See more on IMDbPro »

Company Credits

Show more on IMDbPro »

Technical Specs

Runtime:

| (director's cut)

Sound Mix:

Dolby Digital

Color:

Color (archive footage)| Black and White (archive footage)| Black and White | Color (Technicolor)

Aspect Ratio:

2.39 : 1
See full technical specs »
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Did You Know?

Trivia

Sir Anthony Hopkins, who portrayed former President Richard Nixon in this movie, played John Casey in Bobby (2006), about assassinated Presidential candidate Robert F. Kennedy. See more »

Goofs

Lyndon Johnson's televised speech on his decision to not seek reelection is presented out of order. In the original speech, Johnson first talks about not accepting the Presidential nomination one more time ("Accordingly, I shall not seek and I will not accept" part) then proceeds to urge Americans in the fight of an honored cause ("whatever the price, whatever the burden" part). Oliver Stone obviously switched the order for dramatic effects while presenting another Johnson speech. See more »

Quotes

[first lines]
Earl in Training Film: I just don't understand it.
See more »

Crazy Credits

[closing credits] For Louis Stone (1910-1985). See more »

Alternate Versions

The new director's cut released in 2001 in the Oliver Stone box set (DVD & VHS) and released again by itself in 2002 featured a new director's cut running in at approx. 212 minutes. See more »

Connections

Referenced in Aprile (1998) See more »

Soundtracks

SHENANDOAH
Traditional; Arranged by James Erb
Performed by The Tabernacle Choir at Temple Square; Jerold Ottley, Conductor
Courtesy of London Records
by arrangement with PolyGram Film & TV Licensing
See more »

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User Reviews

Nixon: Probably the Most Interesting Political Figure of the 20th Century.
22 June 2004 | by tfrizzellSee all my reviews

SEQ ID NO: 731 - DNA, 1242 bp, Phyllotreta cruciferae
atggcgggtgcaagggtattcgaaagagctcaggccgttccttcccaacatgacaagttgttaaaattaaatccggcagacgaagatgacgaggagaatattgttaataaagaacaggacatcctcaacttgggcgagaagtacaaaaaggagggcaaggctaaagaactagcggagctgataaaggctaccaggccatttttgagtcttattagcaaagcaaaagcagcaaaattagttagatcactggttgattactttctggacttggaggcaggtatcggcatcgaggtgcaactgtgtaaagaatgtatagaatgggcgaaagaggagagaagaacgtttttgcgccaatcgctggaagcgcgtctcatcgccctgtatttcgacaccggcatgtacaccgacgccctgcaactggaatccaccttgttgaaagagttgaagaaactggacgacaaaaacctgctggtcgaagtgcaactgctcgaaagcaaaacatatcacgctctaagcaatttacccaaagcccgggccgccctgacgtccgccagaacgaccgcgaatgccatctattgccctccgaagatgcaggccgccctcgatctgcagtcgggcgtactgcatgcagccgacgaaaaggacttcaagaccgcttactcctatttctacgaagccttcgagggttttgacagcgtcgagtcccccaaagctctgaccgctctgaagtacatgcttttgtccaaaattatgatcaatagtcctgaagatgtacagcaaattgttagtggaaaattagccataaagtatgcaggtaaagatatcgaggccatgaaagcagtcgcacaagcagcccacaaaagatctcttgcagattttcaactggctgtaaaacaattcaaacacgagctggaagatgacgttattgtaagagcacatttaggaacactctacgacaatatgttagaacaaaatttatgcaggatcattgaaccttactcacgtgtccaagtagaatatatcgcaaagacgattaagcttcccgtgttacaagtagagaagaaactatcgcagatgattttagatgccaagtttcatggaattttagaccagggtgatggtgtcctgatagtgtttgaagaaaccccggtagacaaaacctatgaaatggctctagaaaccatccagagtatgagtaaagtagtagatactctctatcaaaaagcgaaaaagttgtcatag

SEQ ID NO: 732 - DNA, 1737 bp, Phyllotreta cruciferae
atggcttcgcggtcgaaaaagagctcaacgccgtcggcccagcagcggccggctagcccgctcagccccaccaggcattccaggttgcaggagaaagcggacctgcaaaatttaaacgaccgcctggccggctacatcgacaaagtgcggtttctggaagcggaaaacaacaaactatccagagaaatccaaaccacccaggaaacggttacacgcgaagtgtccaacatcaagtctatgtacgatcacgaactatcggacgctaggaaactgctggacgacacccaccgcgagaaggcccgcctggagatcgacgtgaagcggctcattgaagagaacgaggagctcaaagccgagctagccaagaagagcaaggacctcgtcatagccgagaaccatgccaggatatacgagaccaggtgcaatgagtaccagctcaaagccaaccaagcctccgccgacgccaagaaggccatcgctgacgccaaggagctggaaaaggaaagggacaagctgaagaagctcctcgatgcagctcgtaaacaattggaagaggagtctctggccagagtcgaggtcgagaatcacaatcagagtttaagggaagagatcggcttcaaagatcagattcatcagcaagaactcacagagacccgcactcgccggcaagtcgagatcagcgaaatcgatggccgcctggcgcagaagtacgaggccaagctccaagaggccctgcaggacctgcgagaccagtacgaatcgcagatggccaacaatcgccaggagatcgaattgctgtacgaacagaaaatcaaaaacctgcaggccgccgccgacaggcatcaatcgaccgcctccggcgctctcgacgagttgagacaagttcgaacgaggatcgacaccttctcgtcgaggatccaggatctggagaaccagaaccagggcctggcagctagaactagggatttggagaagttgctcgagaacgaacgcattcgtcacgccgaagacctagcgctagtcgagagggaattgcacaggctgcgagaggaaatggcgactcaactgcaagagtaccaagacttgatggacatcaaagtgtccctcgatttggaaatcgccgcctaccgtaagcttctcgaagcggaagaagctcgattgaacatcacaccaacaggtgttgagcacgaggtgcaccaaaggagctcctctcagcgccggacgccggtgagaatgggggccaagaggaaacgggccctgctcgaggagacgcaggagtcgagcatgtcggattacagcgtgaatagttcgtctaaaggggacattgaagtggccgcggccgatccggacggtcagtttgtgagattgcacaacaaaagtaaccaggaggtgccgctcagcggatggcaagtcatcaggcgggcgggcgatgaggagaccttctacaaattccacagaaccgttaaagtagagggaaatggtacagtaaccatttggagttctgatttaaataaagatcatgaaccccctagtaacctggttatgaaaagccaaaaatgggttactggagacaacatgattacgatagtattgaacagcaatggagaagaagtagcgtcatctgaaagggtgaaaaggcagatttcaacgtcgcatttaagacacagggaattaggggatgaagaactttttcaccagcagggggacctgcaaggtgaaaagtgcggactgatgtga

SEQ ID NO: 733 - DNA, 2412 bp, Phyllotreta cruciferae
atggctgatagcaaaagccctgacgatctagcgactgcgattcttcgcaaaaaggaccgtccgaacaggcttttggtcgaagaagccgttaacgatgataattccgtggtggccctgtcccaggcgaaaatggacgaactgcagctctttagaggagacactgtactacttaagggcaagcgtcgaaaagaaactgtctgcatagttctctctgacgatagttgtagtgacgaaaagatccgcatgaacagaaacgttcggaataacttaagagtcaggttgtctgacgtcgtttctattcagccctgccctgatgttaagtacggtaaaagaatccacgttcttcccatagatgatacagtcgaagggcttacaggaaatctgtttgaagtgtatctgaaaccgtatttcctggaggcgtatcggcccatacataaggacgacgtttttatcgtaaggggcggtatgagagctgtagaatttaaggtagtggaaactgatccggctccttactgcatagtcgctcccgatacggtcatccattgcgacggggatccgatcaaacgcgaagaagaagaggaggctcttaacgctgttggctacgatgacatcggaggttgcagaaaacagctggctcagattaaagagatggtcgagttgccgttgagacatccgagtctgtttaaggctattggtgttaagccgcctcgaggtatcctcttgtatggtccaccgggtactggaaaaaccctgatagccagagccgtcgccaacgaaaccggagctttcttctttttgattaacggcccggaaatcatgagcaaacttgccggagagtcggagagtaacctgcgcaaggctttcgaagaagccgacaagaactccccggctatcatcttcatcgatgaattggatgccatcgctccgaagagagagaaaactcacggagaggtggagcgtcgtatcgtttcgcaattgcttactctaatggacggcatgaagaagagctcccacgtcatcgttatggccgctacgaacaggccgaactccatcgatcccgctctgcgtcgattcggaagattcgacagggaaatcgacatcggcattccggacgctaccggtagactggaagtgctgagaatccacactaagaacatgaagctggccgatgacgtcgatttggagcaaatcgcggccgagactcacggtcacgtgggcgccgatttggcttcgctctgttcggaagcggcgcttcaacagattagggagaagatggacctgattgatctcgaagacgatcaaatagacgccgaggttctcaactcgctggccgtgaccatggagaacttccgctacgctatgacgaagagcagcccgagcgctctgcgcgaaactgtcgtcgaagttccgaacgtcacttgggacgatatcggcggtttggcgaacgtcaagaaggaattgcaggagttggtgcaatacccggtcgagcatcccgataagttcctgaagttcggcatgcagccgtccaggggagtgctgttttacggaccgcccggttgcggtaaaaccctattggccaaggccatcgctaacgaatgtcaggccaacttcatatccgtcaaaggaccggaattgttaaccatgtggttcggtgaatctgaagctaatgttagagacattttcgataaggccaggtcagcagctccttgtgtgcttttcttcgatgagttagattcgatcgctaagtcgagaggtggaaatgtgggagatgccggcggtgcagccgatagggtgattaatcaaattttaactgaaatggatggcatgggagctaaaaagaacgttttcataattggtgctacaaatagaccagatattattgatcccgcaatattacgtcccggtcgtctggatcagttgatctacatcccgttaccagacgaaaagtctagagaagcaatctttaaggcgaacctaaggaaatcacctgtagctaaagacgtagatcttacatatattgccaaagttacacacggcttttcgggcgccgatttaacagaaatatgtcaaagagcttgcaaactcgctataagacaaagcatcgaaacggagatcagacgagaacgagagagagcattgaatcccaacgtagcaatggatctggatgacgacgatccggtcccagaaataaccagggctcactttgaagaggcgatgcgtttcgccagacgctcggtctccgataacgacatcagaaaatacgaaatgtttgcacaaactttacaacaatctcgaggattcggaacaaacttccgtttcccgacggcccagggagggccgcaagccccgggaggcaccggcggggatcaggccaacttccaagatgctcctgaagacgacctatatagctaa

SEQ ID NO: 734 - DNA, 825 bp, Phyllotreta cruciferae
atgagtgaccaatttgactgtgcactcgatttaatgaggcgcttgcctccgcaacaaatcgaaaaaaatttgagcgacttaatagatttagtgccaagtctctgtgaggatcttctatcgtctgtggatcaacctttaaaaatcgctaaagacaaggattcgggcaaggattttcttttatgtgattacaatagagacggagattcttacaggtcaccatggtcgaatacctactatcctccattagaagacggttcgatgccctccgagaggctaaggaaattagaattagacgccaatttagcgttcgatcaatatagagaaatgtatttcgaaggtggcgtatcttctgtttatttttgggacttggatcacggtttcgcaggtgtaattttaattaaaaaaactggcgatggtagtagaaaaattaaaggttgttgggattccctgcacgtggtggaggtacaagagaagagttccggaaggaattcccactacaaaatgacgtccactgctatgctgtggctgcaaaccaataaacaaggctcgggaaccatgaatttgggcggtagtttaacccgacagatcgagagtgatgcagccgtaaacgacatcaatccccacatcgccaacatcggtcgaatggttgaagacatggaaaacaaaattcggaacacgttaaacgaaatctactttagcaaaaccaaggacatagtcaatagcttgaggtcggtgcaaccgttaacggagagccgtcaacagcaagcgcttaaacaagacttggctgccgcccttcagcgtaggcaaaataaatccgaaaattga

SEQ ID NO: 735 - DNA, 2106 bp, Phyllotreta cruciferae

Richard Nixon's (Oscar-nominee Anthony Hopkins) life is told from his early childhood days in 1920s California to his disgraceful resignation in 1974 from the Watergate scandal (one of the stupidest and most trivial events of U.S. history). The 37th president of the U.S. lost the 1960 presidential election to JFK and then lost the California governor race of 1962. By 1963 it appears that Nixon is out of the spotlight for good politically and that he is struggling to keep his marriage to Pat Nixon (a superb turn by Oscar-nominee Joan Allen in arguably her finest role) alive. Things turn strange though as Nixon has strange meetings with big-time oil men in Texas (Larry Hagman leading the group) and even with J. Edgar Hoover (scene-stealer Bob Hoskins). It is obvious that there are some potentially sinister things going on from high-ranking people. Soon JFK is assassinated, the 1964 election becomes a mess for both parties as LBJ wins by default and then LBJ decides not to run in 1968. The Republicans once again turn to Nixon, but Nixon (full of self-doubt and inferiority complexes) is fearful that 1968 against RFK will be a repeat of 1960 (Nixon believes that JFK and the Democrats stole the 1960 presidency). More cloak and dagger situations occur and RFK is assassinated in California, leaving the door open for Nixon to win the presidency. Vietnam, a whole host of questionable allies (led by James Woods, E.G. Marshall, J.T. Walsh, David Paymer, David Hyde Pierce, Powers Boothe, Fyvush Finkel) and constant advisement from Henry Kissinger (an amazing transformation by Paul Sorvino, who rivals Hopkins' performance the whole way) end up turning Nixon's life upside down. Soon taped White House conversations and growing paranoia also pops up and public/national/international/military/social chaos ensues. While all this occurs the president's personal life is shown through flashbacks (Mary Steenburgen as his mother and Tony Goldwyn as his older brother dominate these parts of the film). We see two of his brothers dying of tuberculosis, his short courtship of his wife and various other parts of his early life that stand out. The Watergate break-in (led by Ed Harris) continues to be one of the strangest things that has ever happened (the motives of the apparent burglary have never been clear). 18 minutes of missing audio recordings are one of the biggest mysteries of the 20th Century. Director Oliver Stone (who received an Oscar nod for co-writing the script) surprisingly is unbiased with this film. Watching "Platoon", "Born on the Fourth of July" and "JFK" would lead one to believe that Stone would pull no punches with "Nixon". However he gives Nixon's story an element of truth and compassion. There are so many unknown things that went on with Nixon throughout his political career that Stone has to fill in lots of missing pieces with speculations (some that seem very logical and some not so much). Thus the film goes on and on (running about 195 minutes). Even with all the airtime though the film does not move slowly and never becomes dull. In fact it is one of those projects that could have gone on even longer and it still would have been an interest-generator. Whether you like, dislike or are indifferent when it comes to Nixon the person, "Nixon" the movie is an outstanding achievement that stands high with Stone's better works and also deceptively becomes one of the more under-rated and under-appreciated pictures of the 1990s. 5 stars out of 5.